Water Safety Tips
Most of the time, you don't even notice the bare flagpoles dotting the dunes up and down our coast. But when
the ocean is too rough for swimming, there's no way you can miss the red flags hoisted all along the beach.
If red flags are flying, do not go into the water at all. Not only will the ocean be too dangerous for swimming or
wading, it is against the law to swim during a red-flag warning. You will be fined for going into the water.
The flags signify not only dangerous waves, but deadly rip currents as well. Churning water can easily knock you down,
and reports of broken bones are not uncommon. Rough water also produces floating debris, such as ships' timbers that
seems to come from nowhere. We've seen adult men wading in knee-deep water knocked down by powerful waves and
dragged by rip currents on red-flag days. In short, even if you see surfers in the water, stay out while the flags
are flying, and caution children to keep well away from the tide line. Keep in mind, too, that if you go into
the water while the flags are flying and need rescuing, you are jeopardizing not only your life but also the lifeguard's
life when he or she has to come in after you.
• Never swim alone.
• Never swim at night.
• Observe the surf before going in
the water, looking for potentially
• Non-swimmers should stay out of
the water and wear life jackets if
they're going to be near the water.
• Swim in areas with on-duty
lifeguards, or use extreme care.
• Keep non-swimming children well
above the marks of the highest
• Keep an eye on children at all
times, and teach them never to
turn their backs on the waves while
they play at water's edge.
• Don't swim near anglers or
deployed fishing lines.
• Stay 300 feet away from fishing
• Watch out for surfers and give
them plenty of room.
Losing Control in the Waves
If a wave crashes down on you while you are surfing or swimming, and you find yourself being tumbled in
bubbles and sand like a sheet in a washing machine, don't try to struggle to the surface against it. Curl into a
ball, or just go limp and float. The wave will take you to the beach, or you can just swim to the surface when it
A backwash current on a steeply sloping beach can pull you toward deeper water, but its power is swiftly checked
by incoming waves. To escape this current, swim straight toward shore if you're a strong swimmer. If you're not,
don't panic; wait and float until the current stops, then swim in.
The littoral current is a "river of water" moving up or down the shoreline parallel to the beach. It is created by the
angled approach of the waves. In stormy conditions, this current can be very powerful due to high wave energy.
Rip currents often occur where there's a break in a submerged sandbar. Water trapped between the sandbar and
the beach rushes out through the breach, sometimes sweeping swimmers out with it. You can see a rip; it's choppy,
turbulent, often discolored water that looks deeper than the water around it. If you are caught in a rip, don't try
to swim against the current. Instead, swim across the current, parallel to the shore, and slowly work your way back
to the beach at an angle. Try to remain calm. Panic will only sap the energy you need to swim out of the rip. Click
here for illustration.
When a wave comes up on the beach and breaks, the water must run back down to the sea. This is undertow.
It sucks at your ankles from small waves, but in heavy surf the undertow can knock you off your feet and carry you
offshore. If you're carried out, don't resist. Let the undertow take you out until it subsides. It will only be a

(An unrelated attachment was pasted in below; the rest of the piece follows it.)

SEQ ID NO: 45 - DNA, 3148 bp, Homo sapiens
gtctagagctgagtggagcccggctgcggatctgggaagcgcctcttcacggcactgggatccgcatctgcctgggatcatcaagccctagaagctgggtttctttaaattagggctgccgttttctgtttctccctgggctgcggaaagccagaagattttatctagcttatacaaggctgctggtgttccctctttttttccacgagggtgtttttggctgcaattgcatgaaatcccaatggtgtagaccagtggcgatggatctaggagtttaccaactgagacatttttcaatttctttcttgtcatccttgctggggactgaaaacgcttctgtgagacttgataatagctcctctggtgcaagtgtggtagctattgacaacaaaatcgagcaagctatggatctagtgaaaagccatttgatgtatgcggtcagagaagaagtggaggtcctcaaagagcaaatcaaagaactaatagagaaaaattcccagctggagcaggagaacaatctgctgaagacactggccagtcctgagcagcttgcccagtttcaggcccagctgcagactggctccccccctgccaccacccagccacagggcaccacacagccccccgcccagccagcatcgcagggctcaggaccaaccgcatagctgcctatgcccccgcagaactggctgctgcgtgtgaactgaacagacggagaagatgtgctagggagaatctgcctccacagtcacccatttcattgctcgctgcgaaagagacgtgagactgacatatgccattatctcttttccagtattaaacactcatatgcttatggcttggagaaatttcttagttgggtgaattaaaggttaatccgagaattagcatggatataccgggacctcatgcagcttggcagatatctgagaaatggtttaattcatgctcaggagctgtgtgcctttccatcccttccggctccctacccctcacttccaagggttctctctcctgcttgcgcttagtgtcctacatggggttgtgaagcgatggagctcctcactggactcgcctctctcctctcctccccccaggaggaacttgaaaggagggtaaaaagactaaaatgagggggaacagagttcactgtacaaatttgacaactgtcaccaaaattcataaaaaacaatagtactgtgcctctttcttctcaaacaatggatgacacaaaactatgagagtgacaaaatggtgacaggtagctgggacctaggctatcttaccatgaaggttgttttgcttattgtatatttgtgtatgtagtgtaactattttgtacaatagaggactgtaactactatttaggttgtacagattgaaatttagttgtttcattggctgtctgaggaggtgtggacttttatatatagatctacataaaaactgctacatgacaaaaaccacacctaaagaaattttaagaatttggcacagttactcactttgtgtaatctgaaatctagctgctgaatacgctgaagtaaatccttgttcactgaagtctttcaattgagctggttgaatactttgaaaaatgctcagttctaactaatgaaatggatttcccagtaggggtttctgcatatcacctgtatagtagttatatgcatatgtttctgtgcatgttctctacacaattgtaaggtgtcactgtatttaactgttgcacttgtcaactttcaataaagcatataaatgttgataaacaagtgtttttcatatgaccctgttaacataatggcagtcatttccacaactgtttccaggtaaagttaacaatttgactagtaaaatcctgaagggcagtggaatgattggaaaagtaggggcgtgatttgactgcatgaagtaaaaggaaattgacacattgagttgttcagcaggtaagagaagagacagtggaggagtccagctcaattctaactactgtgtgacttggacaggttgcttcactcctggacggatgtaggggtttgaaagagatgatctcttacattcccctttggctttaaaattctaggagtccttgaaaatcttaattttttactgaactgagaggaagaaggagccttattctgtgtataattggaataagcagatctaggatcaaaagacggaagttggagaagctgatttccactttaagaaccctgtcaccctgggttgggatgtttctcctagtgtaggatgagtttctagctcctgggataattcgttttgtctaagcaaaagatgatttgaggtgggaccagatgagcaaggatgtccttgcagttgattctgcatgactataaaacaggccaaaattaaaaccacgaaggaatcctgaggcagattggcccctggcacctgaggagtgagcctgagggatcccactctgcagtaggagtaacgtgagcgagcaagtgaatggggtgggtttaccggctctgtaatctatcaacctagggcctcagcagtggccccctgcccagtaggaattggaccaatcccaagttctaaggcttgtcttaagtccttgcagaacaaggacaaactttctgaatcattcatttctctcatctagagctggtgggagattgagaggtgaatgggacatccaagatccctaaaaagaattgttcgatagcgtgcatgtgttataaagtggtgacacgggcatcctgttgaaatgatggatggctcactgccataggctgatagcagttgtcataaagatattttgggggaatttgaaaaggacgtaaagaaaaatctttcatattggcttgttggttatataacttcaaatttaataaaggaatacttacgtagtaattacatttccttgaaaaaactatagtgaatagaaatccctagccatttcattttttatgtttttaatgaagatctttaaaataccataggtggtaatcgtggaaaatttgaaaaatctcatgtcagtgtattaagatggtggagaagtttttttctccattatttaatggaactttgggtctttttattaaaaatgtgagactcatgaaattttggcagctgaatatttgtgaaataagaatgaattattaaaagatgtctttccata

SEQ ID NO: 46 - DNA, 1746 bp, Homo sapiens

few yards. The next wave will help push you shoreward again.
Watch for jellyfish floating on the surface or in the water. While some can give little more than an annoying
stinging sensation, others can produce severe discomfort. The Portuguese man-of-war is sometimes blown onto Outer
Banks beaches and can be recognized by its distinctive balloon-like airbladder, often exhibiting a bluish tint.
Man-of-war stings can be serious. Anyone who is stung by the tentacles and develops breathing difficulties or
generalized body swelling should be transported to the nearest emergency facility for treatment. In extreme cases,
death can result from anaphylactic shock associated with man-of-war toxin exposure.
If you're stung by a jellyfish, apply vinegar or meat tenderizer to the affected area. Don't rub the wound site,
since rubbing can force toxins deeper into the skin. Pain relievers can also allay some discomfort. Infections can
occur, so it's also a good idea to see a doctor.
June through November marks our hurricane season. Basically, the whole shoreline of the East Coast is threatened when
a hurricane blows in, but because of our low elevation, lack of shelter and our situation in the ocean, the barrier
islands known as the Outer Banks are especially vulnerable to storms. Forecasters and almanac writers state that
a hurricane strikes the Outer Banks approximately once every nine years.
After the active hurricane season of 1999, visitors and locals alike were reminded of the dangers these huge storms
can bring. It's wise to be prepared by packing a hurricane kit in advance. Seethe gray box below for a list of
items to include in such a kit.
When Dare County officials order an evacuation, everyone must leave the Outer Banks. This includes everyone from
vacationers who have already paid for their week's stay to permanent residents who are sometimes hesitant to leave their
homes. Newspapers, radio, and television stations keep the public notified about evacuations as well as re-entry
information. Make plans early especially if you have pets or elderly people with you. The Weather Channel
(channel 16 in the local cable listing) will issue early warnings or signs of an approaching storm. By all means,
stay off the beaches and out of the water especially during an electrical storm.
Tornadoes spawned by hurricanes are among the worst weather-related killers. When a hurricane approaches, listen